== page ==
EXT vs USB-supply

Hi!

I have created a servo project. Due to great tips from this forum I have used a separate battery pack (6V) for the servo and then supplied the UNO by the USB.

Now I however wish to use my 9VDC/800mA (+@pin) adaptor instead of the USB (which it is capable of 100mA only?).

I have googled on the diode between the adaptor (EXT) and Vin and it can withstand 1A but this is probably mainly for protection if you should have the crazy idea to supply voltage at Vin while the adaptor is connected.

I think I get this.

I do however not get how the UNO is supplied if I should use both EXT and USB. I need EXT for the servo but how does the board know what source to use if the voltage is the same? I.e regulated 5V from EXT and USB-5V at the same time.

While both are 5V the source cannot be selected by a couple of diodes.

So, can I supply my UNO externally (EXT) at the same time as it is connected by USB to drive my servo or am I missing something important?

Best regards, Roger

Now I however wish to use my 9VDC/800mA (+@pin) adaptor instead of the USB (which it is capable of 100mA only?).

USB 1.1 and 2.0 are 500mA if I remember correctly and 3.0 is 900mA or more.

I need EXT for the servo but how does the board know what source to use if the voltage is the same? I.e regulated 5V from EXT and USB-5V at the same time.

The trick is common ground between the two supplies.

So, can I supply my UNO externally (EXT) at the same time as it is connected by USB to drive my servo or am I missing something important?

That's the purpose of the diode, it is for protection.
I always recommend unplugging the Ext AC/DC supply when using USB, but an authentic UNO should work correctly if you do not. However, if you have another supply w/common ground connected to LEDs, servos, steppers, etc. Then that supply should be powered off prior to reprogramming the UNO.

Ray

rogerk8:
I have used a separate battery pack (6V) for the servo and then supplied the UNO by the USB.

Now I however wish to use my 9VDC/800mA (+@pin) adaptor instead of the USB (which it is capable of 100mA only?).

I do however not get how the UNO is supplied if I should use both EXT and USB. I need EXT for the servo but how does the board know what source to use if the voltage is the same? I.e regulated 5V from EXT and USB-5V at the same time.

So, can I supply my UNO externally (EXT) at the same time as it is connected by USB to drive my servo

I’m confused by the excerpts I have copied here.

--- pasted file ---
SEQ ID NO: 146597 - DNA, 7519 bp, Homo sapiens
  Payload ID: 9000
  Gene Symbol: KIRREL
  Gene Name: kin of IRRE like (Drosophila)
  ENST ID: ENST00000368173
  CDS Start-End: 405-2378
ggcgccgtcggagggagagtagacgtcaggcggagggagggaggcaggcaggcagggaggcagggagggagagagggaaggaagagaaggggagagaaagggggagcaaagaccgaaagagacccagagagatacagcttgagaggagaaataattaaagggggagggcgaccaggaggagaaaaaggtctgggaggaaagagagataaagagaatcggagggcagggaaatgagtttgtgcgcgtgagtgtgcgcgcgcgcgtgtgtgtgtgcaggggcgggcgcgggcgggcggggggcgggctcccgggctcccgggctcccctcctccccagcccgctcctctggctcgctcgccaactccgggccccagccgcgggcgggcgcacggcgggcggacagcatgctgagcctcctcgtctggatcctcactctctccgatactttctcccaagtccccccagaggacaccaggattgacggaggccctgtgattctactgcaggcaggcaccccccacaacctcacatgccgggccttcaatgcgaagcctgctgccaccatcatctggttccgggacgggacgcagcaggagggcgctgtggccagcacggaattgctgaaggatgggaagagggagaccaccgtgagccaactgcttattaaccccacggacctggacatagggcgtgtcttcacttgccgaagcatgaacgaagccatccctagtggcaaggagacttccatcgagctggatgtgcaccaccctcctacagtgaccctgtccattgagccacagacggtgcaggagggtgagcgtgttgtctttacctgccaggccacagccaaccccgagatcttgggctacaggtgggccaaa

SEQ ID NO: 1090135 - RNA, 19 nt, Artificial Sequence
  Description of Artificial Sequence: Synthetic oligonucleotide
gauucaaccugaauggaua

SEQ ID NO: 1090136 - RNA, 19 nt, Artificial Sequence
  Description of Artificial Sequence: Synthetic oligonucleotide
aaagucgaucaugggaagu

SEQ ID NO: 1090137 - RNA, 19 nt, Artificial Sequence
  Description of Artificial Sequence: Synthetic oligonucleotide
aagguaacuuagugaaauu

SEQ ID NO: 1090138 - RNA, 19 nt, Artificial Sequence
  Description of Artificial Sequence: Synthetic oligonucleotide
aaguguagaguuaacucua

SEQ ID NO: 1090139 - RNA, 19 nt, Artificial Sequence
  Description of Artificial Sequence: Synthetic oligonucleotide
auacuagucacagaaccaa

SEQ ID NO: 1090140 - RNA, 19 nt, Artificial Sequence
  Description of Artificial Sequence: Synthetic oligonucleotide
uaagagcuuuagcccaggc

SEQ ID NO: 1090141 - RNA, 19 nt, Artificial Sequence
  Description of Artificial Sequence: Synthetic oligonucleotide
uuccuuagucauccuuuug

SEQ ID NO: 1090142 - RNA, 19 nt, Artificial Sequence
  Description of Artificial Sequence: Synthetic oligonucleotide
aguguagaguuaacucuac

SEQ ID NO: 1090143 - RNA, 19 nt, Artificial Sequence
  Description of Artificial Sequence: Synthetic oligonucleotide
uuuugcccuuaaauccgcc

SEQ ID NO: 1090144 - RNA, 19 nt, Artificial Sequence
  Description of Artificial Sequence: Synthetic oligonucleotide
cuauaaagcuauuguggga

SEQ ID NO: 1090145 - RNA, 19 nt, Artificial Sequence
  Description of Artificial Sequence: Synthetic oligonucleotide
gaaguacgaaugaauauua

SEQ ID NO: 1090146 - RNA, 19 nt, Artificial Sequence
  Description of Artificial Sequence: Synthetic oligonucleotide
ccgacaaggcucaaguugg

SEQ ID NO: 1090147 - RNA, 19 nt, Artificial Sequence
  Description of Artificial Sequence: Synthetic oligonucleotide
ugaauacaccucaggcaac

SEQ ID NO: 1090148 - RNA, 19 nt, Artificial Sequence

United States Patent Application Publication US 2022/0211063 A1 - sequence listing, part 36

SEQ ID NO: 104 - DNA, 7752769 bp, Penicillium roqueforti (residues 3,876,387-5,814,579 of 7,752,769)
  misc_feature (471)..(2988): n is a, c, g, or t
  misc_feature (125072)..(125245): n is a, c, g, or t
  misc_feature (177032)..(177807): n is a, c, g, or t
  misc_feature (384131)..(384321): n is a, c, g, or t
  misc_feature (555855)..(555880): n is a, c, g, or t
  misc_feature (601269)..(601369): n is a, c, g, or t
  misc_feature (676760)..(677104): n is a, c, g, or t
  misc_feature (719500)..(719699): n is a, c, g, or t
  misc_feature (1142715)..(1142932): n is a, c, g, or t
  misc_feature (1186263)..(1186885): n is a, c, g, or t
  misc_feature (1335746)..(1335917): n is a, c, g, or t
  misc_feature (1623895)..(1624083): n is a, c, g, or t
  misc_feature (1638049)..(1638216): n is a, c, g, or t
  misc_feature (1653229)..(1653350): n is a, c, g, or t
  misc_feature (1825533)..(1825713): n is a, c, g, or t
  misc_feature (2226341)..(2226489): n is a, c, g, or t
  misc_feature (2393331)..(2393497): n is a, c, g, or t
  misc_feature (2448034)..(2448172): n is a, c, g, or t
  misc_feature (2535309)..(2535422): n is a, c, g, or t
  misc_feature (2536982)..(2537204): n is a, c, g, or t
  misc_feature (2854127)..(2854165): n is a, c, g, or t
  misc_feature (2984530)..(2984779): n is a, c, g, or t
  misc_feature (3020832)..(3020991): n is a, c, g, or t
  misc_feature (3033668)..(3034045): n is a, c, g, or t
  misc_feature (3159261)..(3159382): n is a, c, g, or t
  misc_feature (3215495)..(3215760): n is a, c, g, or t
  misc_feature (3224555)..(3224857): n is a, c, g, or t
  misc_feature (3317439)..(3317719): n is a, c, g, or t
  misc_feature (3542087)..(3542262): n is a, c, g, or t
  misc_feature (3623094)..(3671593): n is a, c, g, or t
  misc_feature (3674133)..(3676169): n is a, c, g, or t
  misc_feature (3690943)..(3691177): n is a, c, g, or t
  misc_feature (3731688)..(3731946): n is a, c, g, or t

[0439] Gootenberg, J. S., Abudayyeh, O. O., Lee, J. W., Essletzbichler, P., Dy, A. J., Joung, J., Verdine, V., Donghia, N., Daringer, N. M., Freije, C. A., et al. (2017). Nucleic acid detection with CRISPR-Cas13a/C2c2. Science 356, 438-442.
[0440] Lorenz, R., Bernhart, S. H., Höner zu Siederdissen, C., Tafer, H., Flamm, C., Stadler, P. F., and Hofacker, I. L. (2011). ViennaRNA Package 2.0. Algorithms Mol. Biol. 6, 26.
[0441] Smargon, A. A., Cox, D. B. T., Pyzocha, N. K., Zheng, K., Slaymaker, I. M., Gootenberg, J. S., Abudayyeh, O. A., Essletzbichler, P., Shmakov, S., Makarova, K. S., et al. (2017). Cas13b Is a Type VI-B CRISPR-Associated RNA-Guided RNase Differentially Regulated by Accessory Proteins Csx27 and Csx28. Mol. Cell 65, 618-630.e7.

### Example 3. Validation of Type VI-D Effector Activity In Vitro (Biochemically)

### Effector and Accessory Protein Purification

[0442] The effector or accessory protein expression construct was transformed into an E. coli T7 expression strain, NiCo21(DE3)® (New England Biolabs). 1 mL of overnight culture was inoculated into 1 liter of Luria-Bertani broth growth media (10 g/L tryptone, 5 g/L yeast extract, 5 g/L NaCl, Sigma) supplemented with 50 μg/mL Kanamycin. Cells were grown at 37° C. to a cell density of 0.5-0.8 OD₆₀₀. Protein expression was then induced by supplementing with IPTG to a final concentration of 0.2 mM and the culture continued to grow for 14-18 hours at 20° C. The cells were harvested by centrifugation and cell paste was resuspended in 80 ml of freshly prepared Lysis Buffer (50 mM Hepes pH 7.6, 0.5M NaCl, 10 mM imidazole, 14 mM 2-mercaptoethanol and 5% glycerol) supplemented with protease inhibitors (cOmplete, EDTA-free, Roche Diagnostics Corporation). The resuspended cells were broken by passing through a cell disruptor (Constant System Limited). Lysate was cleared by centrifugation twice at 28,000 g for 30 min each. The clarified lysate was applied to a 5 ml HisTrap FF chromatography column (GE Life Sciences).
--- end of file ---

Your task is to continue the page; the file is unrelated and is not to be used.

It sounds like you are thinking of using a 9v/800mA adaptor to drive your Arduino through the EXT input and to power your servo from the Arduino 5v pin.

You already have a separate power supply for your servo. Continue to use that. Using the Arduino 5v to power a servo (or any motor) is a bad idea no matter what power supply the Arduino has. The 5v pin can’t supply enough current.

And what do you mean by “connected by USB to drive my servo”. As above, the Arduino can’ provide enough power to drive a servo, whether the power comes through the USB or the EXT connector.

Perhaps you mean “…USB to control my servo” - but if there is a USB connection (and a separate servo power supply) why would you need a third connection to EXT?

…R

Thank you for your replies!

I'm sorry, it was badly explained.

Up til now I have used a separate 6V battery-pack to supply my servo. This while supplying the board itself by USB.

Now I wish to keep my debugging-servo and it's dedicated supply (6V) and use the EXT to drive the board and a LED Module while keeping the USB plugged into the computer for software development.

This LED Module has its own 5V regulator so it only needs something above 8V which seems to be available at "Vin" thru the diode, right?

The LED Module draws a maximum of 250mA.

I know now that I mixed things up. I'm sorry for having disturbed you with this.

It would however be interesting to know how much current that may be drawn from the 5V pin. It may however be hard to say depending on USB (which seems to be some 500mA at least) and/or EXT voltage usage.

Best regards, Roger
PS
I do not get how a common ground can control weather USB or the 5V from EXT is being used. To me you would need a couple of diodes where the highest voltage gives the current. But now the voltages are "equal" and we have no diodes...

I do not wish to burn my USB port but on the other hand it has thankfully been explained that it can supply more than I need.

Case closed :wink:

Vin is Aftert the reverse poloarity diode.
Voltage selection is determined by a voltage comparator and a FET.
If Vin/2 is > 3.3V, USB source is cutoff and 5V from regulator is used.
If Vin/2 < 3.3V, USB source is passed thru the FET as the 5V source.

I think I will proceed like this:

Powering up:

  1. EXT (edited, selects itself as current source)
  2. USB (edited, disabled as current source)
  3. 6V

Powering down:

  1. USB (edited, disconnects only data transfer possibillity)
  2. EXT (edited, disconnects power to board and LED)
  3. 6V (edited, disconnects servo supply)

What do you think?

Best regards, Roger

CrossRoads:
Vin is Aftert the reverse poloarity diode.

Thank you, but I know that.

Voltage selection is determined by a voltage comparator and a FET.
If Vin/2 is > 3.3V, USB source is cutoff and 5V from regulator is used.
If Vin/2 < 3.3V, USB source is passed thru the FET as the 5V source.

Very intresting to know. Thank you very much!

Best regards, Roger

I am happy to say that it worked out pretty well!

Now I just need to customize the data with regard to the digit I wish to show.

Arduino UNO rules!

Best regards, Roger